The USS Gerald R. Ford is shown underway on its own power for the first time while leaving Newport News Shipbuilding, Newport News on 8 April 8 2017. (U.S. Navy photo by Mass Communication Specialist 2nd Class Ridge Leon Via Wikipedia.)

 

No. 4: Gun sanctuary movement sweeps state

Graham Moomaw was at the Amherst County Board of Board of Supervisors meeting in November, just before it became one of scores of Virginia localities to pass some version of a gun “sanctuary” declaration being pushed by pro-gun groups in the wake of the Democratic victories in the legislative elections.

Amherst County residents raise their hands to show support for their county’s “Second Amendment Sanctuary” resolution. November 19, 2019. (Graham Moomaw/Virginia Mercury)

“The time is coming,” said Jeff Wade, an assistant pastor at a Baptist church in Madison Heights. “I’m mighty afraid that we’re going to have to defend ourselves because of what we believe in. Not only on the Second Amendment, but on any other issue that the government declares to be right, but God declares to be wrong.”

No. 3: Unimpressed with Elon

Ned Oliver pulled this nugget of news from the Commonwealth Transportation Board’s proceedings: “Virginia transit officials flew out to California earlier this year to check out a tunnel dug by Elon Musk’s Boring Company and, well, they think the state should stick with traditional railways and roads for now.”

Elon Musk, co-founder and chief executive officer of Tesla Inc., speaks at an unveiling event for The Boring Company Hawthorne test tunnel December 18, 2018, in Hawthorne, Calif. The tunnel is a preview of Musk’s larger vision to ease traffic in Los Angeles. (Photo by Robyn Beck-Pool/Getty Images)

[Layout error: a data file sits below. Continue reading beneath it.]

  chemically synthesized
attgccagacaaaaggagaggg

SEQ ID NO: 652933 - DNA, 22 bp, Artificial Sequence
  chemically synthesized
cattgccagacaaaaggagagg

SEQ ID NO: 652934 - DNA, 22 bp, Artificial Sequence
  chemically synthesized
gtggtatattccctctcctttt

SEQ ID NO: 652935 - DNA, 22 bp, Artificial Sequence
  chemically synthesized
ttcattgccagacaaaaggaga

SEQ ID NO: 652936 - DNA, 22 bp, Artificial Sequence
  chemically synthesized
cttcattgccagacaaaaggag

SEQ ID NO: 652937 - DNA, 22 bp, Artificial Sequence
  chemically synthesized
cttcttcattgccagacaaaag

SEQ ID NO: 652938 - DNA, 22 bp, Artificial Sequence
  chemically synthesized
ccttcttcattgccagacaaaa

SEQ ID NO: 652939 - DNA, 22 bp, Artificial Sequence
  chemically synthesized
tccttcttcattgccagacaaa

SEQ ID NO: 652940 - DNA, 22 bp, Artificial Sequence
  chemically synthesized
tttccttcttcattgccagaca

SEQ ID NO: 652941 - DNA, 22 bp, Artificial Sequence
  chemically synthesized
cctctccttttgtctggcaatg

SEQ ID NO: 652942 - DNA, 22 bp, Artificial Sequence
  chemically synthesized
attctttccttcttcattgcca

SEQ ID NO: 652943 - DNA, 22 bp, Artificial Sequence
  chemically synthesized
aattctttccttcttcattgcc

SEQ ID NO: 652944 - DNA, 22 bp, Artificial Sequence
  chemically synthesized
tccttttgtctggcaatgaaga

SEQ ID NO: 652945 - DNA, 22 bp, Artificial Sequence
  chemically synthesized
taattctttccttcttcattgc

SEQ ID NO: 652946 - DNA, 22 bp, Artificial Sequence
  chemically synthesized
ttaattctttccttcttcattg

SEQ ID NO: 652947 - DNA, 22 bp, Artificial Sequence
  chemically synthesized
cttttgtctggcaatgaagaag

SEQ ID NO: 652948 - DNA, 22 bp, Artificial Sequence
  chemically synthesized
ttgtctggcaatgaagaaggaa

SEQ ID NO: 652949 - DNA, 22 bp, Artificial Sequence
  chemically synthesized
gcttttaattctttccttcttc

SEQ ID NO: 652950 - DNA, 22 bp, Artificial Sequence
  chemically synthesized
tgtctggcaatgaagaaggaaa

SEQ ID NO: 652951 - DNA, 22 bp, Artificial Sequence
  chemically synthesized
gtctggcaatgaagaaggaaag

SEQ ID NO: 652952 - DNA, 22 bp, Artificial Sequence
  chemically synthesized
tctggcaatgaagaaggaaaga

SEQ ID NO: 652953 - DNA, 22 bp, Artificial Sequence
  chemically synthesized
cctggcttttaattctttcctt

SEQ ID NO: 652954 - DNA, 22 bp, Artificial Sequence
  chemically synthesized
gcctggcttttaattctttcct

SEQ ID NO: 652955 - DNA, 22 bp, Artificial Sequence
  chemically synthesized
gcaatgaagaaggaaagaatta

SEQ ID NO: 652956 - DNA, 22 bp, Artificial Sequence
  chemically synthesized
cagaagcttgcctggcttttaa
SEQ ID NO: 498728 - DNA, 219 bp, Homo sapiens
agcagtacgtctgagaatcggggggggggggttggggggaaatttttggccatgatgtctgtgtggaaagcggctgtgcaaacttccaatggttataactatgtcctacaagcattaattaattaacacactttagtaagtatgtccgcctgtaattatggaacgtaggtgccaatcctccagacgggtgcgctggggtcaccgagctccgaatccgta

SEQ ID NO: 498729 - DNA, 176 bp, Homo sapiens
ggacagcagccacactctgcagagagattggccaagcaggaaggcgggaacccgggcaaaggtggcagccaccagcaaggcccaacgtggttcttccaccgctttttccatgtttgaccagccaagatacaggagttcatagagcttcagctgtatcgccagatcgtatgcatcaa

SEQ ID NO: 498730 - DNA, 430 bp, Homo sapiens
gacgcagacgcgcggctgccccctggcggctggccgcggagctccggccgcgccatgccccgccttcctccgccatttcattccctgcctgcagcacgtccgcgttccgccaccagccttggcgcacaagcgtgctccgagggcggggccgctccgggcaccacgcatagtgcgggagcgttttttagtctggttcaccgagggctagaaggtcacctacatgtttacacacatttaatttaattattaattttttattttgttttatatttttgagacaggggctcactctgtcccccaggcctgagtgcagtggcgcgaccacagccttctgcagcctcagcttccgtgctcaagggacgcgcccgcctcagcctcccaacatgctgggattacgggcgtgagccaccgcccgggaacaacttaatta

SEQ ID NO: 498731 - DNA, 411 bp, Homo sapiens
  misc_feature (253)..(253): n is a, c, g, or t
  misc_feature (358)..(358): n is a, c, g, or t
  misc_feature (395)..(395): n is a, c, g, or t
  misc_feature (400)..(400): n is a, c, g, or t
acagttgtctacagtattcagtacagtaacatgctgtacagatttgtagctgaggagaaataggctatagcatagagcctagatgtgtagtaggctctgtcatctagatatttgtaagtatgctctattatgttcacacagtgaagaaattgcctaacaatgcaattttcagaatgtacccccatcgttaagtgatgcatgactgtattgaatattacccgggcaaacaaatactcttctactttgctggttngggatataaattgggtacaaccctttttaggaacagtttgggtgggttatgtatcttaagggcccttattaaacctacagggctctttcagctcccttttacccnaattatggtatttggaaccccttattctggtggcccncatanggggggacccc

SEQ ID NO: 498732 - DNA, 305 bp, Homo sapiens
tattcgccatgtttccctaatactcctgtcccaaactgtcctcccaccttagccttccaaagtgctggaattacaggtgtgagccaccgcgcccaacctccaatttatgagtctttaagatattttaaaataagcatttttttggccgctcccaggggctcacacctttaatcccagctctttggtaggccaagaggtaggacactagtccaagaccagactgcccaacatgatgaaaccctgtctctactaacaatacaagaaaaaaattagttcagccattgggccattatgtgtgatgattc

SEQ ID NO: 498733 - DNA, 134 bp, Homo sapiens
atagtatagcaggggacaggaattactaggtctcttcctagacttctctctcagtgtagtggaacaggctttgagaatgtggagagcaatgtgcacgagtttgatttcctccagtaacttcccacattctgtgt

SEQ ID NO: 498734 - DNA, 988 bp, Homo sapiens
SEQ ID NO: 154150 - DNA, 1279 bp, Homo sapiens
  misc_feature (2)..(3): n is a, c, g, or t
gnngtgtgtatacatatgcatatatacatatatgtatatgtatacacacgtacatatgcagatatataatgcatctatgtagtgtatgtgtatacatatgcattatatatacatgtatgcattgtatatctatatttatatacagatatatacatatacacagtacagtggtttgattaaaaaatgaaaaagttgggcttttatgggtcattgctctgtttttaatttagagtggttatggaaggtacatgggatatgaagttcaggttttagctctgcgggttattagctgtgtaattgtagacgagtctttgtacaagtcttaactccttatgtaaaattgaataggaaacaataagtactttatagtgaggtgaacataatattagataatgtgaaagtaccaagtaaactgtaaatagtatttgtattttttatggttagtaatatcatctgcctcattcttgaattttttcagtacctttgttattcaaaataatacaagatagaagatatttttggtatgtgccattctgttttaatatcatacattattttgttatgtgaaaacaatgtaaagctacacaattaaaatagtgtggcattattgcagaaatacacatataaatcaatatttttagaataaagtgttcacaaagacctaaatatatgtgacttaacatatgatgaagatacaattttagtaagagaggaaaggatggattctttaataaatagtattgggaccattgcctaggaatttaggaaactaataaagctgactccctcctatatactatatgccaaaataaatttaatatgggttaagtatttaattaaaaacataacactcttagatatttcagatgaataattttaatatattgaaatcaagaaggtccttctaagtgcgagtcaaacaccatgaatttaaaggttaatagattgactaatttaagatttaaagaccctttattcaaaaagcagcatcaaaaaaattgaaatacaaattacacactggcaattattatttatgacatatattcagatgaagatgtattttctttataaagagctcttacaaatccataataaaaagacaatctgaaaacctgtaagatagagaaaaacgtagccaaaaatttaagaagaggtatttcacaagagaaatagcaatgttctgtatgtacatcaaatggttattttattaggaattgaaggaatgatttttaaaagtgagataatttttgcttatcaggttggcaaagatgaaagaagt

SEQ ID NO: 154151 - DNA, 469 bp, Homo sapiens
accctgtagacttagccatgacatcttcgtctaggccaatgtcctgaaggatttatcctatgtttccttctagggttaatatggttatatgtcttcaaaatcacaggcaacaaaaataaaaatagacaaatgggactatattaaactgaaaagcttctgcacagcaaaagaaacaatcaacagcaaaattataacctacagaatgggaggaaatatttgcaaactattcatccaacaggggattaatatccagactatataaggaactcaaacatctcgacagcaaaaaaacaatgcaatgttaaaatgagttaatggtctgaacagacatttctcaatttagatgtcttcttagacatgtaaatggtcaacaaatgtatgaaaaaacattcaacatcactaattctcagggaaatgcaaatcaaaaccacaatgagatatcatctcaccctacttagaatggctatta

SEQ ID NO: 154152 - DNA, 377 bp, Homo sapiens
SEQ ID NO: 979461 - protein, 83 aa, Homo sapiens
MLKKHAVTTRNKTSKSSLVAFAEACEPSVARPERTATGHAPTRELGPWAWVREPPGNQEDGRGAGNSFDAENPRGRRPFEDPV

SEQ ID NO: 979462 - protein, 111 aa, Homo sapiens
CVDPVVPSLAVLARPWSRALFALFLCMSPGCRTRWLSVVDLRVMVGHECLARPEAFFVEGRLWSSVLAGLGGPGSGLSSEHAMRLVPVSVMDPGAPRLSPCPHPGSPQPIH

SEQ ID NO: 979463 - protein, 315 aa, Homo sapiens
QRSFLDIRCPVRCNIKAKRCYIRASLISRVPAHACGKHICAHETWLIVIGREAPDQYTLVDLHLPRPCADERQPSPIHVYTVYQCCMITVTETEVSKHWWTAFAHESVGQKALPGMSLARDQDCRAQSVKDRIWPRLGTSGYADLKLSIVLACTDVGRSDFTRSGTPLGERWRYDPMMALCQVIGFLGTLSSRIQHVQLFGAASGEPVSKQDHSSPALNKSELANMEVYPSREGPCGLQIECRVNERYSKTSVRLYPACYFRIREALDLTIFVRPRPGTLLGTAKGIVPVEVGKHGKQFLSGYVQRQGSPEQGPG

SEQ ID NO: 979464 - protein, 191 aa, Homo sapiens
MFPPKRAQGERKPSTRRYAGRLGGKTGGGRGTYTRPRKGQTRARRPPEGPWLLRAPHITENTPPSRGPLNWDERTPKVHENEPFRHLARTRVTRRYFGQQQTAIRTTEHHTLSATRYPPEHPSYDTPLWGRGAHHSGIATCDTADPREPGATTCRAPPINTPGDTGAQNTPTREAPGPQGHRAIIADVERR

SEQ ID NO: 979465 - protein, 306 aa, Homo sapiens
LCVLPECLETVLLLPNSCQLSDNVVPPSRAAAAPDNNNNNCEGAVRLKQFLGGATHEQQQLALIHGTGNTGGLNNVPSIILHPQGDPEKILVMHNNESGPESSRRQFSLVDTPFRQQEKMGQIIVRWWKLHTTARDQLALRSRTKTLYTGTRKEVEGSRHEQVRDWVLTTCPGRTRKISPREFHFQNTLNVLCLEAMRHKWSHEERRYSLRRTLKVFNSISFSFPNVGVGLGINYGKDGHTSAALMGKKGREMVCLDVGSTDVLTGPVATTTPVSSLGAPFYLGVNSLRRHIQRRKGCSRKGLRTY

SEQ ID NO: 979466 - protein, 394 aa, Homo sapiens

No. 2: Getting an answer on assault weapons

Graham Moomaw was able to nail down Gov. Ralph Northam and Sen. Dick Saslaw about the proposed assault weapon ban legislation that was fueling much of the gun sanctuary push. He broke the news that the administration would include a provision allowing Virginians to keep firearms they already have.

No. 1: Don’t mess with Richmond metalheads

A couple hundred metal fans converged on the Capitol on Monday to drown out members of the Westboro Baptist Church, a Kansas-based hate group. (Ned Oliver/Virginia Mercury)

The headline probably made it irresistible. “Metalheads with kazoos drown out Westboro Baptist Church at Capitol” was the Mercury’s most-read post of the year, drawing hundreds of thousands of page views and picked up by numerous other outlets and websites. Ned Oliver wandered up the street to cover the demonstration by the hate group and counter-protest organized by Richmond-based metal singer Randy Blythe of Lamb of God, intended to stick up for Del. Danica Roem, D-Prince William, who was singled out by Westboro for being transgender.

“These people are coming out and speaking a bunch of ignorance about my friend,” Blythe said. “I don’t like that. So we came out and just drowned them out. That’s the easiest way. There’s no point in engaging these people.”

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Robert Zullo
Robert has been winning and losing awards as a reporter and editor for 13 years at weekly and daily newspapers, beginning at Worrall Community Newspapers in Union, N.J., where he was a staff writer and managing editor. He spent five years in south Louisiana covering hurricanes, oil spills and Good Friday crawfish boils as a reporter and city editor for the The Courier and the Daily Comet newspapers in Houma and Thibodaux. He covered Richmond city hall for the Richmond Times-Dispatch from 2012 to 2013 and worked as a general assignment and city hall reporter for the Pittsburgh Post-Gazette from 2013 to 2016. He returned to Richmond in 2016 to cover energy, environment and transportation for the Richmond Times-Dispatch. He grew up in Miami, Fla., and central New Jersey. A former waiter, armored car guard and appliance deliveryman, he is a graduate of the College of William and Mary. Contact him at [email protected]